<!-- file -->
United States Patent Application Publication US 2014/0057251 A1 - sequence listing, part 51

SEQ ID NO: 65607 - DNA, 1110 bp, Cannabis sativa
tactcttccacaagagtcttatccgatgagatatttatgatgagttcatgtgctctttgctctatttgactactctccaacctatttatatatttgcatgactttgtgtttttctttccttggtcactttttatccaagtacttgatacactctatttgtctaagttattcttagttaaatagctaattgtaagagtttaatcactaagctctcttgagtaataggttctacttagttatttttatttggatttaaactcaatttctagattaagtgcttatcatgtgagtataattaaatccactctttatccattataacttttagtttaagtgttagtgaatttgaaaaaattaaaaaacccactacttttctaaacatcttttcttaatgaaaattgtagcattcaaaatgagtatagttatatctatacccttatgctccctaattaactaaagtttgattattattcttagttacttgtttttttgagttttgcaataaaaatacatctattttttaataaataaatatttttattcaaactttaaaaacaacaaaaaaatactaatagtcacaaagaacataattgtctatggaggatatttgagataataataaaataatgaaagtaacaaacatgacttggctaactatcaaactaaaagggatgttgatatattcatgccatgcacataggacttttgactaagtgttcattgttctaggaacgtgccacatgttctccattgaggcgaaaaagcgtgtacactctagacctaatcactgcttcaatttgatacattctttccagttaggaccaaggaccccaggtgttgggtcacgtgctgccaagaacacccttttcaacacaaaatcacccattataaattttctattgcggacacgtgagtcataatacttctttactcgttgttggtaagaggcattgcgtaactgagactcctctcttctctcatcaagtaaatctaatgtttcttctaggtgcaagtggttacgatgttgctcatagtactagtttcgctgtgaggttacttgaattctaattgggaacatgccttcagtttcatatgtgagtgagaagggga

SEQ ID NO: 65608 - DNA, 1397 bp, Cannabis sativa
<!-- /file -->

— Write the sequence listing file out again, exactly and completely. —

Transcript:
United States Patent Application Publication US 2014/0057251 A1 - sequence listing, part 51

SEQ ID NO: 65607 - DNA, 1110 bp, Cannabis sativa
tactcttccacaagagtcttatccgatgagatatttatgatgagttcatgtgctctttgctctatttgactactctccaacctatttatatatttgcatgactttgtgtttttctttccttggtcactttttatccaagtacttgatacactctatttgtctaagttattcttagttaaatagctaattgtaagagtttaatcactaagctctcttgagtaataggttctacttagttatttttatttggatttaaactcaatttctagattaagtgcttatcatgtgagtataattaaatccactctttatccattataacttttagtttaagtgttagtgaatttgaaaaaattaaaaaacccactacttttctaaacatcttttcttaatgaaaattgtagcattcaaaatgagtatagttatatctatacccttatgctccctaattaactaaagtttgattattattcttagttacttgtttttttgagttttgcaataaaaatacatctattttttaataaataaatatttttattcaaactttaaaaacaacaaaaaaatactaatagtcacaaagaacataattgtctatggaggatatttgagataataataaaataatgaaagtaacaaacatgacttggctaactatcaaactaaaagggatgttgatatattcatgccatgcacataggacttttgactaagtgttcattgttctaggaacgtgccacatgttctccattgaggcgaaaaagcgtgtacactctagacctaatcactgcttcaatttgatacattctttccagttaggaccaaggaccccaggtgttgggtcacgtgctgccaagaacacccttttcaacacaaaatcacccattataaattttctattgcggacacgtgagtcataatacttctttactcgttgttggtaagaggcattgcgtaactgagactcctctcttctctcatcaagtaaatctaatgtttcttctaggtgcaagtggttacgatgttgctcatagtactagtttcgctgtgaggttacttgaattctaattgggaacatgccttcagtttcatatgtgagtgagaagggga

SEQ ID NO: 65608 - DNA, 1397 bp, Cannabis sativa